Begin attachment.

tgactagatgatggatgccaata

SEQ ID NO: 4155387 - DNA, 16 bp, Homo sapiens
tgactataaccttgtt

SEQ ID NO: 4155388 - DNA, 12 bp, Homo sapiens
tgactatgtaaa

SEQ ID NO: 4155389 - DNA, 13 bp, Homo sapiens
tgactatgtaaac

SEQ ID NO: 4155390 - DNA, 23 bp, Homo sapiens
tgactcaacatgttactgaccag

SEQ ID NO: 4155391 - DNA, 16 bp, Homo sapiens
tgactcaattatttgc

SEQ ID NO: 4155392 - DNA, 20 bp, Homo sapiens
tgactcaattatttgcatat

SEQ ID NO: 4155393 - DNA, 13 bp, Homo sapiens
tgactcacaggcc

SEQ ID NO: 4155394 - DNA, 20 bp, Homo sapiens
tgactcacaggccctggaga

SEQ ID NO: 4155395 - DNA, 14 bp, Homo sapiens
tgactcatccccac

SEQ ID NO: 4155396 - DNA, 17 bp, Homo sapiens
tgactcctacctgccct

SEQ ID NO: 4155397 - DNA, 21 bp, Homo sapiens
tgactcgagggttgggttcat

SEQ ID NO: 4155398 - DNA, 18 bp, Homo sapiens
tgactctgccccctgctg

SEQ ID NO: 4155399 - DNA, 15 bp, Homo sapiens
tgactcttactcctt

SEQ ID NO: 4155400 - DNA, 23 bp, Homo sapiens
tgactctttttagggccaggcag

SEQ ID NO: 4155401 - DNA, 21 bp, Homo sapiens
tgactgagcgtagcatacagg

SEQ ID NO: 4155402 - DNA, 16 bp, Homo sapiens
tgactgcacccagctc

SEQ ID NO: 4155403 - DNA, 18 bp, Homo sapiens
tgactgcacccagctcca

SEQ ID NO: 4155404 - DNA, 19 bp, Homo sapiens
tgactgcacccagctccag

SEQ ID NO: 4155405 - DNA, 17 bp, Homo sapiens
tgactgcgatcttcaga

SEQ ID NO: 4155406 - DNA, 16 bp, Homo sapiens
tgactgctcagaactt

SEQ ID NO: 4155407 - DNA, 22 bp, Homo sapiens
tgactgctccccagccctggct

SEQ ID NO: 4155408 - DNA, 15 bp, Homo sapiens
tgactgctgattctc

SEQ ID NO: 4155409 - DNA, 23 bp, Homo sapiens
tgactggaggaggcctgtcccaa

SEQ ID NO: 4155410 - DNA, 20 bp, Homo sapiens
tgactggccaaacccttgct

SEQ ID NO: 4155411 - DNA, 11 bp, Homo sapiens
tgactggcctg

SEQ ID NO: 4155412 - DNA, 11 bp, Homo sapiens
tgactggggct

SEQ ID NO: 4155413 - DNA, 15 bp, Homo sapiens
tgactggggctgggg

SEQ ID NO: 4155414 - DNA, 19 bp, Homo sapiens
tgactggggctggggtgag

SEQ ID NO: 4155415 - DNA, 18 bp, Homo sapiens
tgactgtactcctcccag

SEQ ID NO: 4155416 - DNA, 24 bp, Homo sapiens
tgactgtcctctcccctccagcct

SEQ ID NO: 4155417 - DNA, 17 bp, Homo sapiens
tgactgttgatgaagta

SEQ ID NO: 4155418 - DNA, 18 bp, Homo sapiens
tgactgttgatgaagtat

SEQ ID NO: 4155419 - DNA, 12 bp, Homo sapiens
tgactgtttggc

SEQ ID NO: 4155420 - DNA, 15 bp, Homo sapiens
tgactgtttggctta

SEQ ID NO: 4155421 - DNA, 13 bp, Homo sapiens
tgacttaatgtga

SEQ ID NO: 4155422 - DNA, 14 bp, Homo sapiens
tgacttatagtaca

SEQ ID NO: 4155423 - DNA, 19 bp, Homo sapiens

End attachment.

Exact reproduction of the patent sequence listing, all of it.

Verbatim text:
tgactagatgatggatgccaata

SEQ ID NO: 4155387 - DNA, 16 bp, Homo sapiens
tgactataaccttgtt

SEQ ID NO: 4155388 - DNA, 12 bp, Homo sapiens
tgactatgtaaa

SEQ ID NO: 4155389 - DNA, 13 bp, Homo sapiens
tgactatgtaaac

SEQ ID NO: 4155390 - DNA, 23 bp, Homo sapiens
tgactcaacatgttactgaccag

SEQ ID NO: 4155391 - DNA, 16 bp, Homo sapiens
tgactcaattatttgc

SEQ ID NO: 4155392 - DNA, 20 bp, Homo sapiens
tgactcaattatttgcatat

SEQ ID NO: 4155393 - DNA, 13 bp, Homo sapiens
tgactcacaggcc

SEQ ID NO: 4155394 - DNA, 20 bp, Homo sapiens
tgactcacaggccctggaga

SEQ ID NO: 4155395 - DNA, 14 bp, Homo sapiens
tgactcatccccac

SEQ ID NO: 4155396 - DNA, 17 bp, Homo sapiens
tgactcctacctgccct

SEQ ID NO: 4155397 - DNA, 21 bp, Homo sapiens
tgactcgagggttgggttcat

SEQ ID NO: 4155398 - DNA, 18 bp, Homo sapiens
tgactctgccccctgctg

SEQ ID NO: 4155399 - DNA, 15 bp, Homo sapiens
tgactcttactcctt

SEQ ID NO: 4155400 - DNA, 23 bp, Homo sapiens
tgactctttttagggccaggcag

SEQ ID NO: 4155401 - DNA, 21 bp, Homo sapiens
tgactgagcgtagcatacagg

SEQ ID NO: 4155402 - DNA, 16 bp, Homo sapiens
tgactgcacccagctc

SEQ ID NO: 4155403 - DNA, 18 bp, Homo sapiens
tgactgcacccagctcca

SEQ ID NO: 4155404 - DNA, 19 bp, Homo sapiens
tgactgcacccagctccag

SEQ ID NO: 4155405 - DNA, 17 bp, Homo sapiens
tgactgcgatcttcaga

SEQ ID NO: 4155406 - DNA, 16 bp, Homo sapiens
tgactgctcagaactt

SEQ ID NO: 4155407 - DNA, 22 bp, Homo sapiens
tgactgctccccagccctggct

SEQ ID NO: 4155408 - DNA, 15 bp, Homo sapiens
tgactgctgattctc

SEQ ID NO: 4155409 - DNA, 23 bp, Homo sapiens
tgactggaggaggcctgtcccaa

SEQ ID NO: 4155410 - DNA, 20 bp, Homo sapiens
tgactggccaaacccttgct

SEQ ID NO: 4155411 - DNA, 11 bp, Homo sapiens
tgactggcctg

SEQ ID NO: 4155412 - DNA, 11 bp, Homo sapiens
tgactggggct

SEQ ID NO: 4155413 - DNA, 15 bp, Homo sapiens
tgactggggctgggg

SEQ ID NO: 4155414 - DNA, 19 bp, Homo sapiens
tgactggggctggggtgag

SEQ ID NO: 4155415 - DNA, 18 bp, Homo sapiens
tgactgtactcctcccag

SEQ ID NO: 4155416 - DNA, 24 bp, Homo sapiens
tgactgtcctctcccctccagcct

SEQ ID NO: 4155417 - DNA, 17 bp, Homo sapiens
tgactgttgatgaagta

SEQ ID NO: 4155418 - DNA, 18 bp, Homo sapiens
tgactgttgatgaagtat

SEQ ID NO: 4155419 - DNA, 12 bp, Homo sapiens
tgactgtttggc

SEQ ID NO: 4155420 - DNA, 15 bp, Homo sapiens
tgactgtttggctta

SEQ ID NO: 4155421 - DNA, 13 bp, Homo sapiens
tgacttaatgtga

SEQ ID NO: 4155422 - DNA, 14 bp, Homo sapiens
tgacttatagtaca

SEQ ID NO: 4155423 - DNA, 19 bp, Homo sapiens